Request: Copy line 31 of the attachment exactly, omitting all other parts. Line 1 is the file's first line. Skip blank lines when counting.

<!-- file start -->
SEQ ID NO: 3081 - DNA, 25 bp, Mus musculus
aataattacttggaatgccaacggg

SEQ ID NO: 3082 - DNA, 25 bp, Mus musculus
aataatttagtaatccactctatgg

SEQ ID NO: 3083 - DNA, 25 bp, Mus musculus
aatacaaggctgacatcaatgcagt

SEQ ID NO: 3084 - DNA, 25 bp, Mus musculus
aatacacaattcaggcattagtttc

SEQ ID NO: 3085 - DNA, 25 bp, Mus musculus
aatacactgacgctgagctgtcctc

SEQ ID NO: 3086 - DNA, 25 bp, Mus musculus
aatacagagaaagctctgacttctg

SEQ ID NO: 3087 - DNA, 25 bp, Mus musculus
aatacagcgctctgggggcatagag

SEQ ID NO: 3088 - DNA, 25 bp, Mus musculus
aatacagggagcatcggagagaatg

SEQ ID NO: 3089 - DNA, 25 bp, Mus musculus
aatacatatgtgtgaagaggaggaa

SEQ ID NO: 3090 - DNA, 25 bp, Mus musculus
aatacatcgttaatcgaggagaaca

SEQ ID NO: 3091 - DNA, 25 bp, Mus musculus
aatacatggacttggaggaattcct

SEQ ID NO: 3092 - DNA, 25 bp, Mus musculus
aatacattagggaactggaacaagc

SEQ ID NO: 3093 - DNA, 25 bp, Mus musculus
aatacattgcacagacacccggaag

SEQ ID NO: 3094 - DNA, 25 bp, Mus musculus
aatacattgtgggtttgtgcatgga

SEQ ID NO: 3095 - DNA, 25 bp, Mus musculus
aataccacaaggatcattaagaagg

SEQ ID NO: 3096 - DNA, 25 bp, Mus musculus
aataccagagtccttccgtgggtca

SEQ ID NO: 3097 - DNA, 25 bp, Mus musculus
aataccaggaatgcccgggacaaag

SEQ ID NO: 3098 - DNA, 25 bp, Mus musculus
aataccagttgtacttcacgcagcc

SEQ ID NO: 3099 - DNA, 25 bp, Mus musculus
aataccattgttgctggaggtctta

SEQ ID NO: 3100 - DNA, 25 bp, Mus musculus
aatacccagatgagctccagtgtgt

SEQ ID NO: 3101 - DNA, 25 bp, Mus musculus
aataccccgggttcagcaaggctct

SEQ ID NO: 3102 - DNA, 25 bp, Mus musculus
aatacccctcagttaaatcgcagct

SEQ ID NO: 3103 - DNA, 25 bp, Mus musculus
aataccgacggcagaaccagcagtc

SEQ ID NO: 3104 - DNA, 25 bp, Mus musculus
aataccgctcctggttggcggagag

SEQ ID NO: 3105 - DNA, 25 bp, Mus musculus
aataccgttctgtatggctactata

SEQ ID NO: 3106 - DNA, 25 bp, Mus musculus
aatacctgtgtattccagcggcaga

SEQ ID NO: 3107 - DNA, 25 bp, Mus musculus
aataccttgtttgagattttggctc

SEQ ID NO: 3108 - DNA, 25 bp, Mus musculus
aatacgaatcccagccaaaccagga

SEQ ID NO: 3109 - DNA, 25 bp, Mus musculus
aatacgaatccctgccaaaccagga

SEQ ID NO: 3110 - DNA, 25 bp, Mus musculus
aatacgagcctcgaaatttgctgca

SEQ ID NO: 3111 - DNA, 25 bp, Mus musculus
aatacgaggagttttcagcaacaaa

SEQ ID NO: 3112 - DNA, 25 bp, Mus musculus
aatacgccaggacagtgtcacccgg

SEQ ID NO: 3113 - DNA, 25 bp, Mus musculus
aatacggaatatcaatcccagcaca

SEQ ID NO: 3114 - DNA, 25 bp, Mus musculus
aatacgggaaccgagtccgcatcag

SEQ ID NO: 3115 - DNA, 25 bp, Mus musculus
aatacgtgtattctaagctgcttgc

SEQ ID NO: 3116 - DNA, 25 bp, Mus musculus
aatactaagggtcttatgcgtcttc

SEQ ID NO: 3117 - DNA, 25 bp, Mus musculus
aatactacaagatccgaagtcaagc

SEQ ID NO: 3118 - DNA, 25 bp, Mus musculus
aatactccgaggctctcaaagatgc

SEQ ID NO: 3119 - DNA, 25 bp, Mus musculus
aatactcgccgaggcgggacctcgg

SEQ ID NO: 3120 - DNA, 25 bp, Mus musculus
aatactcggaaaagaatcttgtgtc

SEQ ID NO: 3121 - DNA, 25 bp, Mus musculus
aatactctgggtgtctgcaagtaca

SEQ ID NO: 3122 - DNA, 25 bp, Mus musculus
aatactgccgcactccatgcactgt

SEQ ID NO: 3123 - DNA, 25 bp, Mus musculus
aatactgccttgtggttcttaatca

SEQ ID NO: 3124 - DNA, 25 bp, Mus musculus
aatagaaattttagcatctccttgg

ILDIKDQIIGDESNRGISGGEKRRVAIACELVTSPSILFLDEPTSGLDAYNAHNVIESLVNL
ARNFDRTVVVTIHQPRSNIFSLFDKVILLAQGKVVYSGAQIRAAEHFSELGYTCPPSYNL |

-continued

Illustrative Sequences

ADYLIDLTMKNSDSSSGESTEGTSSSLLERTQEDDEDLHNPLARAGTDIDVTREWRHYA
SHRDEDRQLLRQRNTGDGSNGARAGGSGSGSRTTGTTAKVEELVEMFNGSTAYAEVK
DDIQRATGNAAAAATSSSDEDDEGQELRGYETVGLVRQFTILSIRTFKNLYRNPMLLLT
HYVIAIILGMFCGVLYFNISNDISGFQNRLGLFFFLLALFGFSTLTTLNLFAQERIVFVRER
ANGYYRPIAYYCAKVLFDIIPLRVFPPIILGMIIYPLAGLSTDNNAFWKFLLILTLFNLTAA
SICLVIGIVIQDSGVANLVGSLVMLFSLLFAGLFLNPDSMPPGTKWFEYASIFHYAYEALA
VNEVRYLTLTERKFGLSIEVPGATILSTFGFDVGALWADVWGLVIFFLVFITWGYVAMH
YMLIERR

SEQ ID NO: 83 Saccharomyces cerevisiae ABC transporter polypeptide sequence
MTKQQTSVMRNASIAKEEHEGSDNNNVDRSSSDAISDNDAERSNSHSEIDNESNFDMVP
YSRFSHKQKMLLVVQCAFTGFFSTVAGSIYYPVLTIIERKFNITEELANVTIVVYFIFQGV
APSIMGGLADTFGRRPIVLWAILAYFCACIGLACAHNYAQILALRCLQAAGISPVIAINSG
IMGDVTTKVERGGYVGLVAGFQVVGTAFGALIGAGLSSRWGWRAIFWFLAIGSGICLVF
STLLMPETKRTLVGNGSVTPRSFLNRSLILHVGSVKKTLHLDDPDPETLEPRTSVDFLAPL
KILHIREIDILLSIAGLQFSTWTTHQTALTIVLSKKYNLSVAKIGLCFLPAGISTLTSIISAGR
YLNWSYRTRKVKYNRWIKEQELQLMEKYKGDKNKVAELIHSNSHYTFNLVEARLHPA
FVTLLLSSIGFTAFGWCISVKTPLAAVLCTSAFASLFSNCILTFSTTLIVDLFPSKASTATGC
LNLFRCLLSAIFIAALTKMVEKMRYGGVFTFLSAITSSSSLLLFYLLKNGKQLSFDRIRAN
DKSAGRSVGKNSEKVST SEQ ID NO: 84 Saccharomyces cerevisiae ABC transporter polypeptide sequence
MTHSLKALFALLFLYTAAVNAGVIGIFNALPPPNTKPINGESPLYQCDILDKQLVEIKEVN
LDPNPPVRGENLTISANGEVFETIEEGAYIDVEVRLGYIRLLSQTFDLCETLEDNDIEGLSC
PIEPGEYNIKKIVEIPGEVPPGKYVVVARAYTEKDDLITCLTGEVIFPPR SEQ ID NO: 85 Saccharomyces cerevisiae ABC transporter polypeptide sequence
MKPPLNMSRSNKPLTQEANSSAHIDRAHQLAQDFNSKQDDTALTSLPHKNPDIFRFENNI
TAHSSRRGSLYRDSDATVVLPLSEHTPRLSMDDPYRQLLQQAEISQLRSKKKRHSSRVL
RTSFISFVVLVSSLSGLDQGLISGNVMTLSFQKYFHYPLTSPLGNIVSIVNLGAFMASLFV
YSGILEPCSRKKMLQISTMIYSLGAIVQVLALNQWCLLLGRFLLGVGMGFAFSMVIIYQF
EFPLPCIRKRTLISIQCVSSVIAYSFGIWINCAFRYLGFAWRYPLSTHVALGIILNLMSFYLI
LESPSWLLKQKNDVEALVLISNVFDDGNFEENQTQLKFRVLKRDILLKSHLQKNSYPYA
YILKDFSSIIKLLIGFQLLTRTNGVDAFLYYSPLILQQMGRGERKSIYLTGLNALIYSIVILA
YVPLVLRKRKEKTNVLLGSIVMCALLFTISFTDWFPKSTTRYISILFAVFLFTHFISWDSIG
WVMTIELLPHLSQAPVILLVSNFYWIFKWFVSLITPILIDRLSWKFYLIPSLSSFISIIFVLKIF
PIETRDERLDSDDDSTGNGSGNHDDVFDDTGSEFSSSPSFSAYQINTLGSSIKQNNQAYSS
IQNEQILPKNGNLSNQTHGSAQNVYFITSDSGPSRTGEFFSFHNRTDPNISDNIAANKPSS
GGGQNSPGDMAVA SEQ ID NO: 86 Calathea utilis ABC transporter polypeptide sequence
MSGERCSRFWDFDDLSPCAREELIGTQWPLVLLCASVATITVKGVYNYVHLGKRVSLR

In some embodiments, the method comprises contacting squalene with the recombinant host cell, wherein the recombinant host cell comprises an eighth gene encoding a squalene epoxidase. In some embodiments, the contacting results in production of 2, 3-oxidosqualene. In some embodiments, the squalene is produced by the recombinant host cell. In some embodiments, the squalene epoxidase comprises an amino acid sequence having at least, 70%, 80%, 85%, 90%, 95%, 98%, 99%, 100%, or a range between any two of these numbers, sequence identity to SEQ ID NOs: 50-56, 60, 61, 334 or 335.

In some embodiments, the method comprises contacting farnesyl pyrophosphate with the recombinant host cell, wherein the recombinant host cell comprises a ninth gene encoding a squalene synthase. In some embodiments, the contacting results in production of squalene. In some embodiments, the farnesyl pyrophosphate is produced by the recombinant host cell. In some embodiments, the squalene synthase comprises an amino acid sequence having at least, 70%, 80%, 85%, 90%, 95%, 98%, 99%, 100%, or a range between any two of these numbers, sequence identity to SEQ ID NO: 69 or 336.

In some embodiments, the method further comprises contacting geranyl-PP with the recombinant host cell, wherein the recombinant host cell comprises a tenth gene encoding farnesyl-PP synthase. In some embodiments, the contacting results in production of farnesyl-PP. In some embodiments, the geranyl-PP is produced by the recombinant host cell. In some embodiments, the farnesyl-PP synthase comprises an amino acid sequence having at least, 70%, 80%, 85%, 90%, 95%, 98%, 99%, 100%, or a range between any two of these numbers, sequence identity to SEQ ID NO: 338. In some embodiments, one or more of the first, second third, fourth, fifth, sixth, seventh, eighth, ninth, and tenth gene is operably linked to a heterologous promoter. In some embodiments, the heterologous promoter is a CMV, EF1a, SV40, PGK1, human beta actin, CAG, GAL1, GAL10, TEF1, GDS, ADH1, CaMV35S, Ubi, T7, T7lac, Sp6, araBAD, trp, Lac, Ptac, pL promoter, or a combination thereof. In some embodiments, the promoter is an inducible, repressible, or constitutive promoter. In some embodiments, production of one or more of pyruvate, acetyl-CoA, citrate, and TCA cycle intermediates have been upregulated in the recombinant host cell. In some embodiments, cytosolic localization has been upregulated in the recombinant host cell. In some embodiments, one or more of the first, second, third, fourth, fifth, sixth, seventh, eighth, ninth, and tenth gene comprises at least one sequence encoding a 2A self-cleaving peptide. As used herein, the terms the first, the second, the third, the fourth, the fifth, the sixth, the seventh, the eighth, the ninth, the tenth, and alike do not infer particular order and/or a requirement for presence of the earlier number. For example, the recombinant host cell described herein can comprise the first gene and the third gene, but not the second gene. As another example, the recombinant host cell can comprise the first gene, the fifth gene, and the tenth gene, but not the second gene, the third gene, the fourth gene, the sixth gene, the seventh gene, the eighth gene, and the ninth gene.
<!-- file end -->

SEQ ID NO: 3096 - DNA, 25 bp, Mus musculus